The Spinning Heart – Donal Ryan
Another Booker longlisted novel, The Spinning Heart has been praised for it’s portrayal of “modern”, post-Celtic tiger Ireland. The book is rather innovative , in that each chapter is narrated by a different character. Each new chapter builds upon those it follows to give us not only a strong narrative, but also to paint a compelling picture of a small community.
Without wanting to reveal too much, the catalyst for the plot is the closure of a major construction firm after a failed venture into property speculation and financial mismanagement by the owner, which then has a knock-on effect throughout the entire community. The way that the story unfolds, with almost every major event in each character’s life having happened on account of this closure topping like dominos is particularly enjoyable.
In a novel with so many points of view, good characterisation is essential, and I think Ryan has pulled it off. They all have their own unique voices, and while I’m not familiar enough with Ireland to know if the colloquialisms and dialect are accurate, it certainly felt authentic enough to me.
As I believe I’ve said before, I’m a fan of the unreliable narrator, and The Spinning Heart has it in spades. Gossip and hearsay are a fundamental part of the book, as you’d expect with a book set in a small town, and so we’re never really sure what’s true and what isn’t. Well, that’s not quite true. The nature of each chapter means that generally speaking we can take them at their word for what they are doing, and when future chapters reference back to events that happen here, we can either verify or dispute what other characters think. The problem is that each chapter advances the story, and it’s when characters report something new that’s happened that we begin to doubt what we know.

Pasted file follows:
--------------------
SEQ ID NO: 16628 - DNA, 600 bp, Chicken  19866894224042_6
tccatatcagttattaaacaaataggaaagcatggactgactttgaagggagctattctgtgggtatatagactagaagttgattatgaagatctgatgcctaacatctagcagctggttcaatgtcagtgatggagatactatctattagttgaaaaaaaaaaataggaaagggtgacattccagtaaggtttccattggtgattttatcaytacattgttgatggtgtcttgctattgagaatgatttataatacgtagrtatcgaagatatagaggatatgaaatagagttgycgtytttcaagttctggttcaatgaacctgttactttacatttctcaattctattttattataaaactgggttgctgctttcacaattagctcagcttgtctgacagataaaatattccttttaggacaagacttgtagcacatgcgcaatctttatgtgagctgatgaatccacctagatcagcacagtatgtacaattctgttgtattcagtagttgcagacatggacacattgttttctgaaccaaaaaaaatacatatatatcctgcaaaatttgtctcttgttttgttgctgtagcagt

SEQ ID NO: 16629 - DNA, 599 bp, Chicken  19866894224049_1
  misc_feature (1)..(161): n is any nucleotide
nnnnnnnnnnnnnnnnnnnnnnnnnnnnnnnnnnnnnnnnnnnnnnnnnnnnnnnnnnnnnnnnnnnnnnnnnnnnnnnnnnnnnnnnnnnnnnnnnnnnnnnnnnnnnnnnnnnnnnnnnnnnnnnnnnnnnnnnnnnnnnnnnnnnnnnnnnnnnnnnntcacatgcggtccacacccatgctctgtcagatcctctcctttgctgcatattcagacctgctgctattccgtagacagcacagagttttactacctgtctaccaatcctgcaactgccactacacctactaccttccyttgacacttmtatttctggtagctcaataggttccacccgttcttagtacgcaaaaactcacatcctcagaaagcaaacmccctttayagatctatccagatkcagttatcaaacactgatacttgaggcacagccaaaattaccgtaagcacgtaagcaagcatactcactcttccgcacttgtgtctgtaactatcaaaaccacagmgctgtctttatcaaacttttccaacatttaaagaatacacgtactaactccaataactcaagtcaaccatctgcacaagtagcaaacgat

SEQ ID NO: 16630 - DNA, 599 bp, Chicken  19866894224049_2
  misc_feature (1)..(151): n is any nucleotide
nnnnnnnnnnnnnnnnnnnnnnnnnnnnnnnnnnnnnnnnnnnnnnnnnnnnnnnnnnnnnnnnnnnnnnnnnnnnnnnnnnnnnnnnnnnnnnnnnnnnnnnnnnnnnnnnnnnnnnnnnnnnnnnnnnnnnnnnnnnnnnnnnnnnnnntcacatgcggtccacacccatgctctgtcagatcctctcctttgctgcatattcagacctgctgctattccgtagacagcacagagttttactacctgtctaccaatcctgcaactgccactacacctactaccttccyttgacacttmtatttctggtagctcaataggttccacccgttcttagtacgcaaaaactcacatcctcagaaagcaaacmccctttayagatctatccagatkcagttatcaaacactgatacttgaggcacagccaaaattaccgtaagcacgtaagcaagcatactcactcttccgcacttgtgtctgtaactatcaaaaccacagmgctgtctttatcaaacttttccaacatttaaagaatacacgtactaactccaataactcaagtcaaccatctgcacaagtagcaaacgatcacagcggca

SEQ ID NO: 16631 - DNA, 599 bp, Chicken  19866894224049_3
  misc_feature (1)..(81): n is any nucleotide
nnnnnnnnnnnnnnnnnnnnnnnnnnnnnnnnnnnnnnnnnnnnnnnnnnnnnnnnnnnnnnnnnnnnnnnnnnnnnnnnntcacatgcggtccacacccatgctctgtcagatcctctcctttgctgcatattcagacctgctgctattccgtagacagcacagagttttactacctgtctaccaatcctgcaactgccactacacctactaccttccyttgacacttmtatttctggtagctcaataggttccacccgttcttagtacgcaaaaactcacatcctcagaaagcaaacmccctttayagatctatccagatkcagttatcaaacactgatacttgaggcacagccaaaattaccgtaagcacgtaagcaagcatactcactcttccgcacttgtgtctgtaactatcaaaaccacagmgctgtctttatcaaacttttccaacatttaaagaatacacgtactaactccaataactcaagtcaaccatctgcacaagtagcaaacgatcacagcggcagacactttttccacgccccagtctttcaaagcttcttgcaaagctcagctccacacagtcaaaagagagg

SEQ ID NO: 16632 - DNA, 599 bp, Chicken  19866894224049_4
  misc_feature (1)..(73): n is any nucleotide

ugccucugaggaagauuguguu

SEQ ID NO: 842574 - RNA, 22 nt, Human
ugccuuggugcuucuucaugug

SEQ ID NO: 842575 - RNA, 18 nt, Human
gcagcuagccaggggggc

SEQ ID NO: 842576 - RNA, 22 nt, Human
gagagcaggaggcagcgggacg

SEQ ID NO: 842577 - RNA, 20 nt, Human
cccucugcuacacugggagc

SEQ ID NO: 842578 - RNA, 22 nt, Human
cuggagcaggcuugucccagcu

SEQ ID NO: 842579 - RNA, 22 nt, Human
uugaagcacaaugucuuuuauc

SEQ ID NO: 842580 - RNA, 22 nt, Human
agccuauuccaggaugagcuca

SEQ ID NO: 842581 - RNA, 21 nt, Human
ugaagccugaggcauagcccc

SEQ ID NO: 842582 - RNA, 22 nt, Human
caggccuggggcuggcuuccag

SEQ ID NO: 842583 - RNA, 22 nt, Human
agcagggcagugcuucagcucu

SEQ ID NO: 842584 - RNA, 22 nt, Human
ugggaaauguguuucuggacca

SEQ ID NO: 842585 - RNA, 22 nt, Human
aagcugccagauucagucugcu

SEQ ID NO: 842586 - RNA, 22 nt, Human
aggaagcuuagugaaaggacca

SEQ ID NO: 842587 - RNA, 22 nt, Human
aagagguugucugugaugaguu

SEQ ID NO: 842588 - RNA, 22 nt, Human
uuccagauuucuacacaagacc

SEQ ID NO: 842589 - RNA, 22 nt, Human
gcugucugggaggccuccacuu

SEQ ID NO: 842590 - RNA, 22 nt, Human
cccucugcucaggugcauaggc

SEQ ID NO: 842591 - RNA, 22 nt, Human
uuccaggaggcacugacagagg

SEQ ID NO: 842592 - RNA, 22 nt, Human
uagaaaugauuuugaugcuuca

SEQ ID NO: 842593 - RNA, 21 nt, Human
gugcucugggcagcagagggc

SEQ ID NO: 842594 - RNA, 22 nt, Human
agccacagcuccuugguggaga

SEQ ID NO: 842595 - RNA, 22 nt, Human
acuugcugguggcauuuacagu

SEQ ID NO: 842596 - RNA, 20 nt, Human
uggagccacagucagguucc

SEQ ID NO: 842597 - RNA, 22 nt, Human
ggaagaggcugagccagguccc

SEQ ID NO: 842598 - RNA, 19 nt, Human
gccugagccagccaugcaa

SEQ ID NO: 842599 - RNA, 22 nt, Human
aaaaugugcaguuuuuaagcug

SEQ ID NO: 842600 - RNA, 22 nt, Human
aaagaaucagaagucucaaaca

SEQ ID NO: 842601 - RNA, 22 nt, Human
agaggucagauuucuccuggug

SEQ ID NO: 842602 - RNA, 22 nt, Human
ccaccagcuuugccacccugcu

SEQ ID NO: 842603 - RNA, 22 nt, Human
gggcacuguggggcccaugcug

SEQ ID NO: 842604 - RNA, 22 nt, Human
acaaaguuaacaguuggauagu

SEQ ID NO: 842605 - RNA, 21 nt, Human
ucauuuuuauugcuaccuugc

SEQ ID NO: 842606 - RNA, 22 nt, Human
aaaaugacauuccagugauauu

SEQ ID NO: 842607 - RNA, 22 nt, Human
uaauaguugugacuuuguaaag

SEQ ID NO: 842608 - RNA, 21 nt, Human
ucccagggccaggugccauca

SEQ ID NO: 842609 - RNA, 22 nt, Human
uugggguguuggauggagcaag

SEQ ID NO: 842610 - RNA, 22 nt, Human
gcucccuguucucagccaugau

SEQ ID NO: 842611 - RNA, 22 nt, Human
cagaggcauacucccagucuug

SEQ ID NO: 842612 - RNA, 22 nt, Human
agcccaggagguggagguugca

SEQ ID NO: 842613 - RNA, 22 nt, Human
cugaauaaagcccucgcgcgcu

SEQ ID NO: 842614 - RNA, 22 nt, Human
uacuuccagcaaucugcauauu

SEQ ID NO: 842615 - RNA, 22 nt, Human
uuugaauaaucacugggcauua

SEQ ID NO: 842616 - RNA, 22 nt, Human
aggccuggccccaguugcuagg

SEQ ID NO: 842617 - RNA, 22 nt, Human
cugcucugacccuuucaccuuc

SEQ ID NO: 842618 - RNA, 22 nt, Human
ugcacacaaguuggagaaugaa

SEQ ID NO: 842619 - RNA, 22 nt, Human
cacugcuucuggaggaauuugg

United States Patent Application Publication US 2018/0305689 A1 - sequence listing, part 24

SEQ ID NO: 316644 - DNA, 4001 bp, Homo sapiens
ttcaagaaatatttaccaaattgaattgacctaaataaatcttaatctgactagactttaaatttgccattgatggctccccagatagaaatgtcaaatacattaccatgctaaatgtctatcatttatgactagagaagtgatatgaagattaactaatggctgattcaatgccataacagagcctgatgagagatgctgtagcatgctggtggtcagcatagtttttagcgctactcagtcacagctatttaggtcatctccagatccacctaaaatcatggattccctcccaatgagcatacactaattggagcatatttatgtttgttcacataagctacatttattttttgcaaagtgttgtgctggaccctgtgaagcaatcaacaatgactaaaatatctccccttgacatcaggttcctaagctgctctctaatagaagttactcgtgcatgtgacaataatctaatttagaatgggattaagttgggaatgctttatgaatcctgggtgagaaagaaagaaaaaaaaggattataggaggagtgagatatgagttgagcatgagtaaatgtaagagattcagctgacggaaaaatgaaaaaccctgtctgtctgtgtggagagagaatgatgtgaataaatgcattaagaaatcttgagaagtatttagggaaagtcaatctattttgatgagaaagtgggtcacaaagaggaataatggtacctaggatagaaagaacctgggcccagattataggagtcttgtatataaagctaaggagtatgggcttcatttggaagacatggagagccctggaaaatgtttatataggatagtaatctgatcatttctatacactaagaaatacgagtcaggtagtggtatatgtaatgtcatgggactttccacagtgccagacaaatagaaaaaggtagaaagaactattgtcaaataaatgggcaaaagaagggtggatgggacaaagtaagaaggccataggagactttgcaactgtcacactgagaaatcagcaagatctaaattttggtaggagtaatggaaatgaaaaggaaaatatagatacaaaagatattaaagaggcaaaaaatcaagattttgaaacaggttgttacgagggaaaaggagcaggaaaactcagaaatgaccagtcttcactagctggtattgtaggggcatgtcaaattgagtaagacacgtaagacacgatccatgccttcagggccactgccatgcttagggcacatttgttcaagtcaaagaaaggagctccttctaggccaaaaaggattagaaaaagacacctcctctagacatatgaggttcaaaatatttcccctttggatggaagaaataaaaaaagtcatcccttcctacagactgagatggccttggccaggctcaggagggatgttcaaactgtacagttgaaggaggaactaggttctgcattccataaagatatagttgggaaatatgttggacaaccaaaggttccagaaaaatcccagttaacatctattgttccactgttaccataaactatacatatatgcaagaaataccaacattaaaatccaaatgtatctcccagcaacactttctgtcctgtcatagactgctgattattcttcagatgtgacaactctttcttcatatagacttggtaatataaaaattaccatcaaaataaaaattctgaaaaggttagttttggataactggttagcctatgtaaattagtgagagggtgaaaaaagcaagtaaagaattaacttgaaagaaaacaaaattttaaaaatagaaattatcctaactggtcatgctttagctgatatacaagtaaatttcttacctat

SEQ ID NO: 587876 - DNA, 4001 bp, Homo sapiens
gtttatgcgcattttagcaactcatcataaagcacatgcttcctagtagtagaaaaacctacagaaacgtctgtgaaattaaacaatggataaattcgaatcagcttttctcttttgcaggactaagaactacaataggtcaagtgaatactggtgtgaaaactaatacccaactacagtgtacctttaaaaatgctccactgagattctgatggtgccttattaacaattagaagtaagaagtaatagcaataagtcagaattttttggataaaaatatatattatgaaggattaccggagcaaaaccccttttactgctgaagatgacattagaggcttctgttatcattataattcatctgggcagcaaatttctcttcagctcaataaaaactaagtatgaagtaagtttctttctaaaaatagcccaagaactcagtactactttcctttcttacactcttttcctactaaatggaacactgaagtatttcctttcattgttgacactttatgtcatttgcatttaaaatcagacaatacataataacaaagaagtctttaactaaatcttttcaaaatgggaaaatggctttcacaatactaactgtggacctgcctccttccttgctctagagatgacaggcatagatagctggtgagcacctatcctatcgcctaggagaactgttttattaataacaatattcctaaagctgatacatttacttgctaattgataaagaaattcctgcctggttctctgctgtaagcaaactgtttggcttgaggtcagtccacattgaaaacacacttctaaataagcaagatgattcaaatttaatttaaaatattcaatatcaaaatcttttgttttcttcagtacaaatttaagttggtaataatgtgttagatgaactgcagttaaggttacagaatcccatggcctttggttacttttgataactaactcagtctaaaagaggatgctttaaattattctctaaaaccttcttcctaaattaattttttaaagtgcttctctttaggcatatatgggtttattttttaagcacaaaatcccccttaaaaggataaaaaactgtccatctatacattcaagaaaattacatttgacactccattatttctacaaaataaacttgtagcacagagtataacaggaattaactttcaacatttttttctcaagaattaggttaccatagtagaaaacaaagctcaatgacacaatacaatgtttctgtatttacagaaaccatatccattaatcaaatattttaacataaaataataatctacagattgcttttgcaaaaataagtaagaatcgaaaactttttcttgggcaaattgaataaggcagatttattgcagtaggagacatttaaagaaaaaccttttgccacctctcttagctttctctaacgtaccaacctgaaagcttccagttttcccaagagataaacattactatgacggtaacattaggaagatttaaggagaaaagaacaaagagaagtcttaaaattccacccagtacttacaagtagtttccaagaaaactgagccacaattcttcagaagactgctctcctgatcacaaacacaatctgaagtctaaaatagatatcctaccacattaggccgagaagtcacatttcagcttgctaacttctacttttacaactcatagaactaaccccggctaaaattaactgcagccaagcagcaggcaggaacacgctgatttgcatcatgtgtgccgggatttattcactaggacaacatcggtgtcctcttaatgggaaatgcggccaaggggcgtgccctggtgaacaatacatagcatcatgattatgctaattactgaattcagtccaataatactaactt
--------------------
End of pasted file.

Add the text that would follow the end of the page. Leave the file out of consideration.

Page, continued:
The other downside to the multiple narrators format is that a lot of things go unanswered. The main conflicts are sort of semi-resolved by the closing chapter, but we don’t get any closure for one, and the other isn’t even close to explained, so we end up at a loss as to why it happened at all. I’m not saying that’s necessarily a bad thing from an authorial point of view, but I did find myself wanting a bit more resolution.
One aspect of society that I did think was missing, considering the book does a good job of covering a range of social ranks and ideals, was the idea of the church, which one would imagine would play a fairly major role in a small Irish community. We did hear from one old woman who had forsaken God and the Catholic Church after her son was killed in an accident years before, but apart from that there is no other mention. Now it’s possible that my expectation that there should be a larger role for it is just me falling back on the out of date stereotypes of those unfamiliar with modern Ireland, and that the woman is intended to represent the decline of Ireland’s spirituality, but I still felt it was odd.
How do I rate The Spinning Heart’s chances at Booker glory? I think it deserves to make the short-list, though perhaps not to win. It’s a creative and original story, but I don’t think it’s quite substantial enough to actually outrank some of the other nominees.
(Note: I wrote and scheduled this review before the short-list was revealed, and discovered that The Spinning Heart didn’t make the cut)